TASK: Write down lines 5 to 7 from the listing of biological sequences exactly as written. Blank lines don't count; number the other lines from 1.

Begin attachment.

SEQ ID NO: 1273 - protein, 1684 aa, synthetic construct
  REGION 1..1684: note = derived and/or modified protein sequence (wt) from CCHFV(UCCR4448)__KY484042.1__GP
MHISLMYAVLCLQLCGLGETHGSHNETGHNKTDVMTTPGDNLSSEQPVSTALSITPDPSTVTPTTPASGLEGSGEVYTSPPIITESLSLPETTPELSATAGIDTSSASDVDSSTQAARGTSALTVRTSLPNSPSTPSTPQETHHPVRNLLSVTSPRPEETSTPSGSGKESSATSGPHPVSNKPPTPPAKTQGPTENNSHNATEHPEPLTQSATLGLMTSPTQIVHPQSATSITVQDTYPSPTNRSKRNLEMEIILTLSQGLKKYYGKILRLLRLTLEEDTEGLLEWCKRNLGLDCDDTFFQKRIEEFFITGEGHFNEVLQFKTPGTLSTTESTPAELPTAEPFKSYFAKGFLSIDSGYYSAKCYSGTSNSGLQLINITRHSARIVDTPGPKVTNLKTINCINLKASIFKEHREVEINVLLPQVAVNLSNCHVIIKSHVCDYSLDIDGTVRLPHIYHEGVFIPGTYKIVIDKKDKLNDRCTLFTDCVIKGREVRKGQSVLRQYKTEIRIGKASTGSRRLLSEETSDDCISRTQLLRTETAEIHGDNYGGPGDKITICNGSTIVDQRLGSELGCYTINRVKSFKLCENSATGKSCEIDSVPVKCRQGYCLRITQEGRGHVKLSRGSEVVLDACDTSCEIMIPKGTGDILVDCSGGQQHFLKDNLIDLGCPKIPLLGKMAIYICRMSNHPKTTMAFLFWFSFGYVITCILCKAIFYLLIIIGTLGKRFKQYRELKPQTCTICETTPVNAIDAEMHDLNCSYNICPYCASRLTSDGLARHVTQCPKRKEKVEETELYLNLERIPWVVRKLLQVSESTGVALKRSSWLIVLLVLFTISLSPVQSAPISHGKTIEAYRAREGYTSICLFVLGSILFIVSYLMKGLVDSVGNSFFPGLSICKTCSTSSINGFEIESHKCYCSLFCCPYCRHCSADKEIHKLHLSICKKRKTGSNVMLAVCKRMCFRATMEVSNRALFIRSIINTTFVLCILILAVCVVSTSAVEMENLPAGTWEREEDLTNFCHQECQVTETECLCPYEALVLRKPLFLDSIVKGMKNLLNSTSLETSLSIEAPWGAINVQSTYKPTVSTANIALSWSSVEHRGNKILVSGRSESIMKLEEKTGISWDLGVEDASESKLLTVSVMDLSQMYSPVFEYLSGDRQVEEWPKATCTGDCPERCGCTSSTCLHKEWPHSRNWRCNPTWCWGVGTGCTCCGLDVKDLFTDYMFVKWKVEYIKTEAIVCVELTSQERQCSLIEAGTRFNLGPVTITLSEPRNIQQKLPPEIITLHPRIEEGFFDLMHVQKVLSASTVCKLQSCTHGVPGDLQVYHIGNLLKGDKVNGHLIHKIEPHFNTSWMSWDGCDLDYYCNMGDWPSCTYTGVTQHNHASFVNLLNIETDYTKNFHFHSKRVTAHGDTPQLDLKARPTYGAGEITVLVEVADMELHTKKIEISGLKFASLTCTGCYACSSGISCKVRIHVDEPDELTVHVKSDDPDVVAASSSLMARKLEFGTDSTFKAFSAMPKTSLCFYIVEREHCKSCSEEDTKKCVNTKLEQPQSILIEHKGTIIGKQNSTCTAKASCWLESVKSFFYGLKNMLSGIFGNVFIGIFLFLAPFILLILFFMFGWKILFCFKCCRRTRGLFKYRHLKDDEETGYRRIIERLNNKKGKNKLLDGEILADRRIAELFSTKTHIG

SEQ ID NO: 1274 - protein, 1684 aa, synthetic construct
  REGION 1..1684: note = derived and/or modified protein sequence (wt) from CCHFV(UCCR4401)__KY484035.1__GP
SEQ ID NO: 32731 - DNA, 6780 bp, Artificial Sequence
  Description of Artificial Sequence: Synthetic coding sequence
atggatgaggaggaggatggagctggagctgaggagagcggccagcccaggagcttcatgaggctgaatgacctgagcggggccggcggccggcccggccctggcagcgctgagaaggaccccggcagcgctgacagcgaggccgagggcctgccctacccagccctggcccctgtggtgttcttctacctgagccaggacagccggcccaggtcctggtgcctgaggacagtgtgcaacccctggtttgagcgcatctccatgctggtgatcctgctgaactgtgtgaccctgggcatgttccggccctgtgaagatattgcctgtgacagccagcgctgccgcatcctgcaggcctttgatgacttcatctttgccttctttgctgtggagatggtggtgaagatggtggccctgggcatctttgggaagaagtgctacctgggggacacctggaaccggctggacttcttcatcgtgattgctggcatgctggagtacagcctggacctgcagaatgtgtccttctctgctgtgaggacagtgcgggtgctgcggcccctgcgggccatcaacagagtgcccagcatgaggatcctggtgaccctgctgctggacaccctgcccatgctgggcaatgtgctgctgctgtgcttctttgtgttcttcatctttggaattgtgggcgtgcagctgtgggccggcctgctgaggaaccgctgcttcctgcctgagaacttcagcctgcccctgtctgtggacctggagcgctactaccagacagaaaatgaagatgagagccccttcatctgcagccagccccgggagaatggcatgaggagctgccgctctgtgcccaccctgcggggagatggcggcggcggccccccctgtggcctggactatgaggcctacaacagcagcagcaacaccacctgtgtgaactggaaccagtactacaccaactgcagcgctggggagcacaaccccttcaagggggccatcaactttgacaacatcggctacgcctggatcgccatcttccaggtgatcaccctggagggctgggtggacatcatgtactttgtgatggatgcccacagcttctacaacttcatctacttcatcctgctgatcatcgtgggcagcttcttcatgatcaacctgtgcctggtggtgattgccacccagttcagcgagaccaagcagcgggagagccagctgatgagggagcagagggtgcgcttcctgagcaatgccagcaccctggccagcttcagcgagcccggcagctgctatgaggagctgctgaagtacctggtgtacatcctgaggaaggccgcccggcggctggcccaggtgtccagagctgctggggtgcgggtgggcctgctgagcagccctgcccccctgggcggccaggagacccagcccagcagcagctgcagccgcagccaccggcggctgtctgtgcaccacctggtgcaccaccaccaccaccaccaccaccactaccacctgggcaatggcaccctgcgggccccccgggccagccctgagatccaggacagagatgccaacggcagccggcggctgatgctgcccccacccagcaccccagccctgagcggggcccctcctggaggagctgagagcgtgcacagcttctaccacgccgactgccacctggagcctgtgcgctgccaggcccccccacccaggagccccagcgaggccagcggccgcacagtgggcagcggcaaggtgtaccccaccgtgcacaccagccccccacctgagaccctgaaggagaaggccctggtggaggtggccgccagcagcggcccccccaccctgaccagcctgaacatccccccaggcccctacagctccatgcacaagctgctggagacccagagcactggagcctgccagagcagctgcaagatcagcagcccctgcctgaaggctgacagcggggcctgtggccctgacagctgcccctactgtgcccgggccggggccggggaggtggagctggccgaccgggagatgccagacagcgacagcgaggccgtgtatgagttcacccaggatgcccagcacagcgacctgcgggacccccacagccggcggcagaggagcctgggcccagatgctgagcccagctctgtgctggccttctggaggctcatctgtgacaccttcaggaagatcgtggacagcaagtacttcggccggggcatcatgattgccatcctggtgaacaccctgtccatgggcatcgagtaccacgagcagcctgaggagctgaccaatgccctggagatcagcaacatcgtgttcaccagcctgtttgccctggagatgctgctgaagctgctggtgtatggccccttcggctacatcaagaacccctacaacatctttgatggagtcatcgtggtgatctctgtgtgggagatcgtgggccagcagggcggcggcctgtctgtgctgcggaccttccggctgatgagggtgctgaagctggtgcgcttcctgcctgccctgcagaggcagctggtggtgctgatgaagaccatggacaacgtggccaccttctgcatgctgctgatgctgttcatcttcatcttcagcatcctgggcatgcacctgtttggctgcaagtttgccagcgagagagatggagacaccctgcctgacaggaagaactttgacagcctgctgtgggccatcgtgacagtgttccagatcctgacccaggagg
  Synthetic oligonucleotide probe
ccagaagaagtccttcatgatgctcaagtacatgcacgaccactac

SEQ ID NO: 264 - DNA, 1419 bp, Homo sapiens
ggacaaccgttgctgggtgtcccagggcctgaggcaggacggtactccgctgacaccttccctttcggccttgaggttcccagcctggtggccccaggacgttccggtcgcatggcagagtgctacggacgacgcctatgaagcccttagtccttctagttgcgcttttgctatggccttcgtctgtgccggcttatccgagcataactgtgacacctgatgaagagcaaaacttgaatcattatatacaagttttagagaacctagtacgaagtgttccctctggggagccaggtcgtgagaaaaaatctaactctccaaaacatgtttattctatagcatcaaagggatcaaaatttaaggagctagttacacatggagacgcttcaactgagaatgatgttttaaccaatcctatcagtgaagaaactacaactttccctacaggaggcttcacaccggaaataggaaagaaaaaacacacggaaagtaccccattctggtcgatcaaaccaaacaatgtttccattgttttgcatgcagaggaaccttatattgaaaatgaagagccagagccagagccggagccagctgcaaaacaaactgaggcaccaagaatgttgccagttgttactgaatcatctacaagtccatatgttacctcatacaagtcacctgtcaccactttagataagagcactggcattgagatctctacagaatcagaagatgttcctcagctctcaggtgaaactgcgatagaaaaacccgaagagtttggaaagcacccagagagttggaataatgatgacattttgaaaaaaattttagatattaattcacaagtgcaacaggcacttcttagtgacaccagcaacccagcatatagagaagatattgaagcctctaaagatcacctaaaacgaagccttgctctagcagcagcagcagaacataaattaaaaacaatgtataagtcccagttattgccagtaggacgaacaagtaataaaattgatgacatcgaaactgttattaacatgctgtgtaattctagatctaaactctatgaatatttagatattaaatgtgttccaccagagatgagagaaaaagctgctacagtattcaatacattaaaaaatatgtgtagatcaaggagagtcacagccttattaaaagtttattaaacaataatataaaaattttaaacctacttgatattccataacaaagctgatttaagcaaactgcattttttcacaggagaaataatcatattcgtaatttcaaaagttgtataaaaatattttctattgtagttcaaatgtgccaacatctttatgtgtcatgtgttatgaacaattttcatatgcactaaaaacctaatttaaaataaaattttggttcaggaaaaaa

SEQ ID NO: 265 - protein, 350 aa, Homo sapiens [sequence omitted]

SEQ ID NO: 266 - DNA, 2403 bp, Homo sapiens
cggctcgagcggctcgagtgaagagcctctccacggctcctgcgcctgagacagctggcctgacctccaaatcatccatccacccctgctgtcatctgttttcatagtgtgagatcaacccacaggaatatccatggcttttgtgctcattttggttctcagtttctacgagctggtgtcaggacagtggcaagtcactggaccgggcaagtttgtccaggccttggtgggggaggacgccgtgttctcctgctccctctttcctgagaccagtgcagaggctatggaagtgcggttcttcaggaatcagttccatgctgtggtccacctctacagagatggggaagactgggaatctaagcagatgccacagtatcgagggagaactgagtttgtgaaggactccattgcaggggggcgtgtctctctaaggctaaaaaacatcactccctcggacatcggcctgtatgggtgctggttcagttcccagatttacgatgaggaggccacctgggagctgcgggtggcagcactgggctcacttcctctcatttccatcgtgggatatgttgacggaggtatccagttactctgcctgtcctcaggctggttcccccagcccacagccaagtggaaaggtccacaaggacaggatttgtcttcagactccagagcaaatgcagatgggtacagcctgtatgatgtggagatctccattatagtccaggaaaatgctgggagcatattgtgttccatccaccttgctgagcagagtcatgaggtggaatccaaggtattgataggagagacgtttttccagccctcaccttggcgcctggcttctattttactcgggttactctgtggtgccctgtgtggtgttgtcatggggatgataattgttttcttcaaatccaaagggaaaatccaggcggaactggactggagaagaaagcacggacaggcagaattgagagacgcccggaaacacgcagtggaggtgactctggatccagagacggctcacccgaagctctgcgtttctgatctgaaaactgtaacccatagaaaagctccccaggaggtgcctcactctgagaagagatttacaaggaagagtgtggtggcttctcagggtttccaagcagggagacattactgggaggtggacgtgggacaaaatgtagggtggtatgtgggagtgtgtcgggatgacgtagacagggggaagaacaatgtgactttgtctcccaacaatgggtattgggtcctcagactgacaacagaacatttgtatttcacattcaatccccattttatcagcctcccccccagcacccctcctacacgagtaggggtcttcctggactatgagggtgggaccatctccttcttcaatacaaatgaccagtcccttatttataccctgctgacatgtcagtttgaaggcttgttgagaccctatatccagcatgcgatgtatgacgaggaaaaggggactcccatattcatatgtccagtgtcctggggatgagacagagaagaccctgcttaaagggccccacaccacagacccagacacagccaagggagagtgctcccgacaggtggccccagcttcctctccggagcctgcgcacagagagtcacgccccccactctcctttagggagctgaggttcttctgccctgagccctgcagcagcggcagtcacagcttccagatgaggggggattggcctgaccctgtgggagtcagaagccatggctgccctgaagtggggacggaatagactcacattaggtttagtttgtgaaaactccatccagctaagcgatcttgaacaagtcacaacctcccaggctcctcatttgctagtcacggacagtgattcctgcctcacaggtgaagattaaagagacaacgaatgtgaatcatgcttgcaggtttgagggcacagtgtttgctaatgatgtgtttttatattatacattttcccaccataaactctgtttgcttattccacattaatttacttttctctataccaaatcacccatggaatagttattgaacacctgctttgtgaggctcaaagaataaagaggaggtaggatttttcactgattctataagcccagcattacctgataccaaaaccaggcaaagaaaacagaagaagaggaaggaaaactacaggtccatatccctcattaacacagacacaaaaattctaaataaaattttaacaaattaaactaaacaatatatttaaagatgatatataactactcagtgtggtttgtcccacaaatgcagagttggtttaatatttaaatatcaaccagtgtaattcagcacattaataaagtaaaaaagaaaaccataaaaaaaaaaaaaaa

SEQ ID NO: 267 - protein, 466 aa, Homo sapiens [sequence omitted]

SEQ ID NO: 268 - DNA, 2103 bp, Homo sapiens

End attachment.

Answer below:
  REGION 1..1684: note = derived and/or modified protein sequence (wt) from CCHFV(UCCR4401)__KY484035.1__GP
SEQ ID NO: 32731 - DNA, 6780 bp, Artificial Sequence
  Description of Artificial Sequence: Synthetic coding sequence